Maritime history encompasses humankind’s relationships to the seas and oceans of the world. It is a heterogeneous research field which brings a variety of research perspectives together: shipping, nautical science, warfare at sea, overseas trade, exploration, the steam revolution, ports, containerization, martime labor market and seafaring communities are some of the main subjects. In the past two decades maritime history has enjoyed a real renaissance. Besides economic, political and nautical themes, there is a new attention to social and cultural phenomena and the relation between maritime and global history. This seminar focuses on recent scholarly views and insights in the field of maritime history.
Students acquire a profound understanding of the recent scholarly discussions in the maritime history by reading a number of influential works which students are expected to have studied prior to the session in which these books are discussed; students amass knowledge of the development of maritime history from the 16th century onwards.
Students develop and improve the following skills:
The ability to analyze and evaluate literature for the purpose of producing an original scholarly argument
The ability to present accurately the views and ideas expressed in important studies in the field of maritime history, and to express an opinion contributing to discussion
The ability to give constructive feedback on the work of others
The ability to write an essay
Insight into the social relevance of history
Knowledge and comprehension of the theoretical, conceptual and methodological aspects, and of comparative research in the field of maritime history
Extra course objective for Res Ma students:
- Knowledge and comprehension of the theoretical foundation of the discipline and of its position vis a vis other disciplines
Mode of instruction
- Literature Seminar
Class: 2 × 7 weeks = 14 hours
Preparing presentation(s): 6 hours
Studying literature and writing essays: 260 hours
Assignments demonstrating the following skills:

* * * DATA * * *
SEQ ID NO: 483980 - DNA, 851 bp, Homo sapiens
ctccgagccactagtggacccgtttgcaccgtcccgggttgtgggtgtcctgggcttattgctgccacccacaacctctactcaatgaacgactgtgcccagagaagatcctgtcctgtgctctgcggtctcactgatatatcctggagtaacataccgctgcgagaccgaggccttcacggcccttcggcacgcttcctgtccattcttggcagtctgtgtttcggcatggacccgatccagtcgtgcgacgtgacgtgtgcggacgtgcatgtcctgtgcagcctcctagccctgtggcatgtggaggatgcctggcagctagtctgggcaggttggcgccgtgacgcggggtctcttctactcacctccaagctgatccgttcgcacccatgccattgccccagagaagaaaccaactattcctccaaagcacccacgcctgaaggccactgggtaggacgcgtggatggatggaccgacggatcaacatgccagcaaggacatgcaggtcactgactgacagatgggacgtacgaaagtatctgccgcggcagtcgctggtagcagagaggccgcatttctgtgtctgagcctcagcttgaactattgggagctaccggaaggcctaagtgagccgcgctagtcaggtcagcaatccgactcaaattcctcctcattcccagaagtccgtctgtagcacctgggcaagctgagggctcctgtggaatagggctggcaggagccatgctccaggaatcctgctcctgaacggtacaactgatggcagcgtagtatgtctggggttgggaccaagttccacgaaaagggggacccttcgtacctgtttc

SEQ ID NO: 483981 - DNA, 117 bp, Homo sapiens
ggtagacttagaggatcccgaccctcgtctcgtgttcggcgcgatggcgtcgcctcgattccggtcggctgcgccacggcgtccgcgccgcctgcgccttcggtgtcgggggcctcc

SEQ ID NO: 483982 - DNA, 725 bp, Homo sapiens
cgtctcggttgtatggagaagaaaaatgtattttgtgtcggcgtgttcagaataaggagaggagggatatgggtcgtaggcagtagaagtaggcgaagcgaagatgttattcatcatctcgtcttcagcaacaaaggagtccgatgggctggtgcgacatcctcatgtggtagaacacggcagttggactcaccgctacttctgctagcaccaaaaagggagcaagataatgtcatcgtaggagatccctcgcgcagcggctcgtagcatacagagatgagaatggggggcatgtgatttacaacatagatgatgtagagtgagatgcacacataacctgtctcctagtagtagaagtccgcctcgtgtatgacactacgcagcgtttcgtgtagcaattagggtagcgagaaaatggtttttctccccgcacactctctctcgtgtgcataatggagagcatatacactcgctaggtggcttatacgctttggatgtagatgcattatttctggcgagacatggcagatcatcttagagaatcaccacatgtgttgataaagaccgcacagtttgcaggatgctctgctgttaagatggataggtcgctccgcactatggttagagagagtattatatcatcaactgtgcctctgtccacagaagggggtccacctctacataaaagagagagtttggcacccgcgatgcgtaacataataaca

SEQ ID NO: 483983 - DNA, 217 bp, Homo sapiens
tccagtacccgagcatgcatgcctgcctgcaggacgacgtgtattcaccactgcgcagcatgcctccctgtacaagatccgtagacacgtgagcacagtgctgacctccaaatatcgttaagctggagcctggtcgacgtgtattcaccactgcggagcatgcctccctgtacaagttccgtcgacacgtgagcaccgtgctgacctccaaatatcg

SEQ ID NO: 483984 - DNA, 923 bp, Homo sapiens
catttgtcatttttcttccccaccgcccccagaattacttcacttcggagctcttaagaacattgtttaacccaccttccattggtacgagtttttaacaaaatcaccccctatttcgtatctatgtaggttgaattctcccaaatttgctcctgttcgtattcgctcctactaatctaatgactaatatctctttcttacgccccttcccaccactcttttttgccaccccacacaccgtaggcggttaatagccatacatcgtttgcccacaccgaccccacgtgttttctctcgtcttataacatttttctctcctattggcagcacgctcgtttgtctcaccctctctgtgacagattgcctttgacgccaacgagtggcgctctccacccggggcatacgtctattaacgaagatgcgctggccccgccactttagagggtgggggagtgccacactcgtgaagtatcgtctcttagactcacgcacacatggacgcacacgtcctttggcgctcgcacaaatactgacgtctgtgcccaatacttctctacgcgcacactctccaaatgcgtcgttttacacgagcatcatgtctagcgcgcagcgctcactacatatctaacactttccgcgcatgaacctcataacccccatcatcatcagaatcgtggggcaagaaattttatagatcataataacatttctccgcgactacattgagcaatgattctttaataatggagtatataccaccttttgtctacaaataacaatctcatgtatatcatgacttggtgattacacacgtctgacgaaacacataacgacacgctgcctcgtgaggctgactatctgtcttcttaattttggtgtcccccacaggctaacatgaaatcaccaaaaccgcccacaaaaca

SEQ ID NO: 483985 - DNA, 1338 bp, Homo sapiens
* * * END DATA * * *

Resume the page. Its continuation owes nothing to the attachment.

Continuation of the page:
The ability to give a clear written report on the research results in English or Dutch.
The ability to give a clear oral report on the research results in English or Dutch
The ability to provide constructive academic feedback
The ability to engage with constructive academic feedback
Students will be required to:
Write short-essays on each of the books in English or Dutch (80%)
Make an oral presentation in English or Dutch (10%)
Participate in discussions and provide constructive academic feedback (10%)
Extra for Res Ma students:
- Write a book review
Blackboard is used for:
J.R. Bruijn, The Dutch Navy of the Seventeenth and Eighteenth Centuries (Columbia, SC, 1993, ISBN 0872498751) Reprint: St. John’s, Newfoundland: International Maritime Economic History Association, 2011, Research in Maritime History No. 45, ISBN 9780986497353) Or the Dutch edition: Varend verleden. De Nederlandse oorlogsvloot in de 17de en 18de eeuw (Amsterdam 1998, ISBN 9050184073)
J.N.F.M. À. Campo, Engines of empire. Steamshipping and state formation in colonial Indonesia (Hilversum 2002, ISBN 9065507388) Or the Dutch edition: J.N.F.M. À. Campo, Koninklijke Paketvaart Maatschappij: stoomvaart en staatsvorming in de Indonesische archipel 1888-1914 (Hilversum 1992, ISBN 9065504036)
Merja-Liisa Hinkkanen and David Kirby, The Baltic and the North Seas (London 2000, ISBN 0415132827)
Michael B. Miller, Europe and the Maritime World: A Twentieth-Century History (Cambridge/New York 2012, ISBN 9781107024557)
M. Pearson, The Indian Ocean (London 2003, ISBN 0415214890)
N.A.M. Rodger, The Command of the Ocean: A Naval History of Britain 1649-1815 (London 2004, ISBN 0713994118 (hardback), also in Penguin paperback, ISBN 0140288961)
Discussion paper: Patrick Manning, ‘Global History and Maritime History’, International Journal of Maritime History 25-1 (2013) 1-23.
If only native speakers of Dutch participate, the course can be taught in Dutch.